Attur Jatre – the annual festival of St. Lawrence Church Karkala
As mentioned, it is not just the locals who flock the St. Lawrence church Attur. Tons of devotees join in from various parts of India, especially during the annual festival of the church. Called Attur Jatre, this festival takes place in January every year. It generally lasts for five days during which there are community mass, fairs, free lunches, confessions and sermons.
One of the rituals to look out for during the annual festival of St. Lawrence church Attur is the lighting of candles. The devotees bring huge candles – some as big as 3- 5 feet and light them near the miracle statue shrine. Some equate the height to that of their children and pray for the well-being of their child. Many others believe that by burning the candles in the Attur church shrine, they burn away all their sins. There are several stories of miracles and wishes being granted via this ritual.
I am pretty sure that after this virtual tour of St. Lawrence church Attur, you have earmarked as a place to visit when in Coastal Karnataka. It is an unusual destination that is likely to appeal to most travelers – cultural and history seekers will love its 200 year old tales, architecture lovers will enjoy the unusual blend within the church and faith seekers will enjoy the serenity of the place.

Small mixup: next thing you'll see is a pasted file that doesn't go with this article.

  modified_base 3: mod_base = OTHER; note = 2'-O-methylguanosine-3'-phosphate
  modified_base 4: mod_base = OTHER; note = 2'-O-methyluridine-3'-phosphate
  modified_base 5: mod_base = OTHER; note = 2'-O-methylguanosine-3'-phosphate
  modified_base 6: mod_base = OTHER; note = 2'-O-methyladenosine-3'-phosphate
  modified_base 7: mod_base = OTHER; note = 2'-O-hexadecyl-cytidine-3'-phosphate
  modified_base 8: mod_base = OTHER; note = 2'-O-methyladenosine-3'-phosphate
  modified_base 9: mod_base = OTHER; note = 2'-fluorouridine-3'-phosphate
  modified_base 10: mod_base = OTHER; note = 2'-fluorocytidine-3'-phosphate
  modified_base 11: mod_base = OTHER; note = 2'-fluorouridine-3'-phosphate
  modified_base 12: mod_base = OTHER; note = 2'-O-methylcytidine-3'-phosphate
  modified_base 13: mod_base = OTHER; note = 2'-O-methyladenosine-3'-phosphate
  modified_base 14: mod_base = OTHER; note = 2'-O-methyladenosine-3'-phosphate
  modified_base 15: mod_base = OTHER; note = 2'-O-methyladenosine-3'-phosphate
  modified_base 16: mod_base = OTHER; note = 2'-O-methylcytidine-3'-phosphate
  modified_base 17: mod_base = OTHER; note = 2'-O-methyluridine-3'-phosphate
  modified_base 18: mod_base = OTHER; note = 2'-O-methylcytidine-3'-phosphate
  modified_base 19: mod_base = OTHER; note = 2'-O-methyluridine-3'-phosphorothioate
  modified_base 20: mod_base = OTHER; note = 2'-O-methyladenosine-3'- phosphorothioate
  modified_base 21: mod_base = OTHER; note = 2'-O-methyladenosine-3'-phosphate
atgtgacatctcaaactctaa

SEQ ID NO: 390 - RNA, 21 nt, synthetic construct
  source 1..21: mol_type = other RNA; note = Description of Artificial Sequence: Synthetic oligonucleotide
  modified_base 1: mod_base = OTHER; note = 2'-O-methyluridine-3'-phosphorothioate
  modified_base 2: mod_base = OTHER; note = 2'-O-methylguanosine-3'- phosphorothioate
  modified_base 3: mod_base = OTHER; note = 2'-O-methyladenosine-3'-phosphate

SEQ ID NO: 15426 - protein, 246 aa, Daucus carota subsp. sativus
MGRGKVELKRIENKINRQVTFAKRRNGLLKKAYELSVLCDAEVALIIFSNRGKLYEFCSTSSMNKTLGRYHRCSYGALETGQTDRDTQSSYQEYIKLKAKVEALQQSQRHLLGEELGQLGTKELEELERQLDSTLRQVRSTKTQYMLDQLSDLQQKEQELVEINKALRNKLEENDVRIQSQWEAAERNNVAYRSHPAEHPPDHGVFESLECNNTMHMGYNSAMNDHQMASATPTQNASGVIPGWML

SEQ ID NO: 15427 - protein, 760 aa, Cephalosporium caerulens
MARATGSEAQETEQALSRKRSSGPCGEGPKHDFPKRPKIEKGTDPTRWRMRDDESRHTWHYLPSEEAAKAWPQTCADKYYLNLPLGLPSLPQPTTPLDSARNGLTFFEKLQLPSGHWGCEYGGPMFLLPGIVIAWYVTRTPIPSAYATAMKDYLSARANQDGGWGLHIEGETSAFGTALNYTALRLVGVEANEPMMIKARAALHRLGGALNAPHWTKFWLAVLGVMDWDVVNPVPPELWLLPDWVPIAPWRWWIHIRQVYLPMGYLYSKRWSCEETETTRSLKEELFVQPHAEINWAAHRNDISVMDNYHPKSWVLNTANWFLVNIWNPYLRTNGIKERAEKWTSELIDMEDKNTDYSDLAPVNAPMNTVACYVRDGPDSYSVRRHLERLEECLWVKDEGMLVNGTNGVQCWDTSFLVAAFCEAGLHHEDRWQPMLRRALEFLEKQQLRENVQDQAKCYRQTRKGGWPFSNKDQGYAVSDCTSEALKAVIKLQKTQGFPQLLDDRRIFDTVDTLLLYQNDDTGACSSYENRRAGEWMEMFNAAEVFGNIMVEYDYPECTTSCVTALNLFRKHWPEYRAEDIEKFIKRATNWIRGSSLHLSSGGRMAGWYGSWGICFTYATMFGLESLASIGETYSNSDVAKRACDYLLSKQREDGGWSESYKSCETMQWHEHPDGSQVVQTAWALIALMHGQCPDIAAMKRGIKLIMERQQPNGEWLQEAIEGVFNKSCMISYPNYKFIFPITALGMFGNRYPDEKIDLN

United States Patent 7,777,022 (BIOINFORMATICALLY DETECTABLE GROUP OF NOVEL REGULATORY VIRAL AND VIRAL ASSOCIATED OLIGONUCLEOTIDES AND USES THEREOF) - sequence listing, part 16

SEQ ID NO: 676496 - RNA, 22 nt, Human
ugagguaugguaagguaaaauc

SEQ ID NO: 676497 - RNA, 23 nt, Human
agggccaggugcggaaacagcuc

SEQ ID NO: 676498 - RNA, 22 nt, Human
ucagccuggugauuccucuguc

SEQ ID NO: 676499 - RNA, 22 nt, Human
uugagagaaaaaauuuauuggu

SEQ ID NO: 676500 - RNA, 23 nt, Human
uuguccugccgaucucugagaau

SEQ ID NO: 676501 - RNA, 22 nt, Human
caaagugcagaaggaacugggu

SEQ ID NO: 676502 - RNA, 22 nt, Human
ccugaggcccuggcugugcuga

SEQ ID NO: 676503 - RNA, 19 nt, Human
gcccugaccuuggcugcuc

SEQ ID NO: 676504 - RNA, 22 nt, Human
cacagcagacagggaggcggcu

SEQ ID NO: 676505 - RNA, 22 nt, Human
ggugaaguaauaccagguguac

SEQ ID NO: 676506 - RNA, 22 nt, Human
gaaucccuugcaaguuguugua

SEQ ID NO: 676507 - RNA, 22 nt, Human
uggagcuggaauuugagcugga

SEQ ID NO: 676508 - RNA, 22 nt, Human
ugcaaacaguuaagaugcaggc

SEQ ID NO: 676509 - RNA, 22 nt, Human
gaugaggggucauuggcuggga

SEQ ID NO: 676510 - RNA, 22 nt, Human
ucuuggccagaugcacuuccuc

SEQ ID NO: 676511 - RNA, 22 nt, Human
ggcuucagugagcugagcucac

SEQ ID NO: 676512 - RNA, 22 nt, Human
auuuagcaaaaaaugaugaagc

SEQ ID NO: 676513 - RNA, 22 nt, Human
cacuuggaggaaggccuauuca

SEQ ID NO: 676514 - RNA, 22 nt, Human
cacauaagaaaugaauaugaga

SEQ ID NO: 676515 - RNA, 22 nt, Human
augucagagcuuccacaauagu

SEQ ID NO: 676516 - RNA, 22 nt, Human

How to get to St. Lawrence Church Attur?
St. Lawrence Church Attur is located in Karkala which is just 38 km from Udupi and 54 km from Mangalore. The closest airport to this church would be Mangalore which is reasonably well connected domestically as well as internationally.
Both Udupi and Mangalore have their own railway stations. From either one of these places, you can either get into a bus for Karkala or hire a cab to the place. If you do happen to use public buses, then you can get off at the Karkala bus stand and hire an auto rickshaw. Just make sure you bargain for a round trip as the Attur church is located a little on the outskirts of the main town.
What is the best time to visit St. Lawrence Church Karkala?
St. Lawrence church Karkala is open from 6 am to 7 pm everyday. There are regular masses conducted in the church on Thursdays, Saturdays and Sundays. The timing of these is updated on their official website. The same website also, has the schedule for prayers, confessions and other rituals.
As a tourist, the best season to visit this church would be between September to March when it is not very hot. Karkala is quite hot through the year and summers, in particular, can be a little harsh. Don’t miss the annual festival of St. Lawrence church Karkala – the Attur Jatre in January. You can get the exact dates from their official website.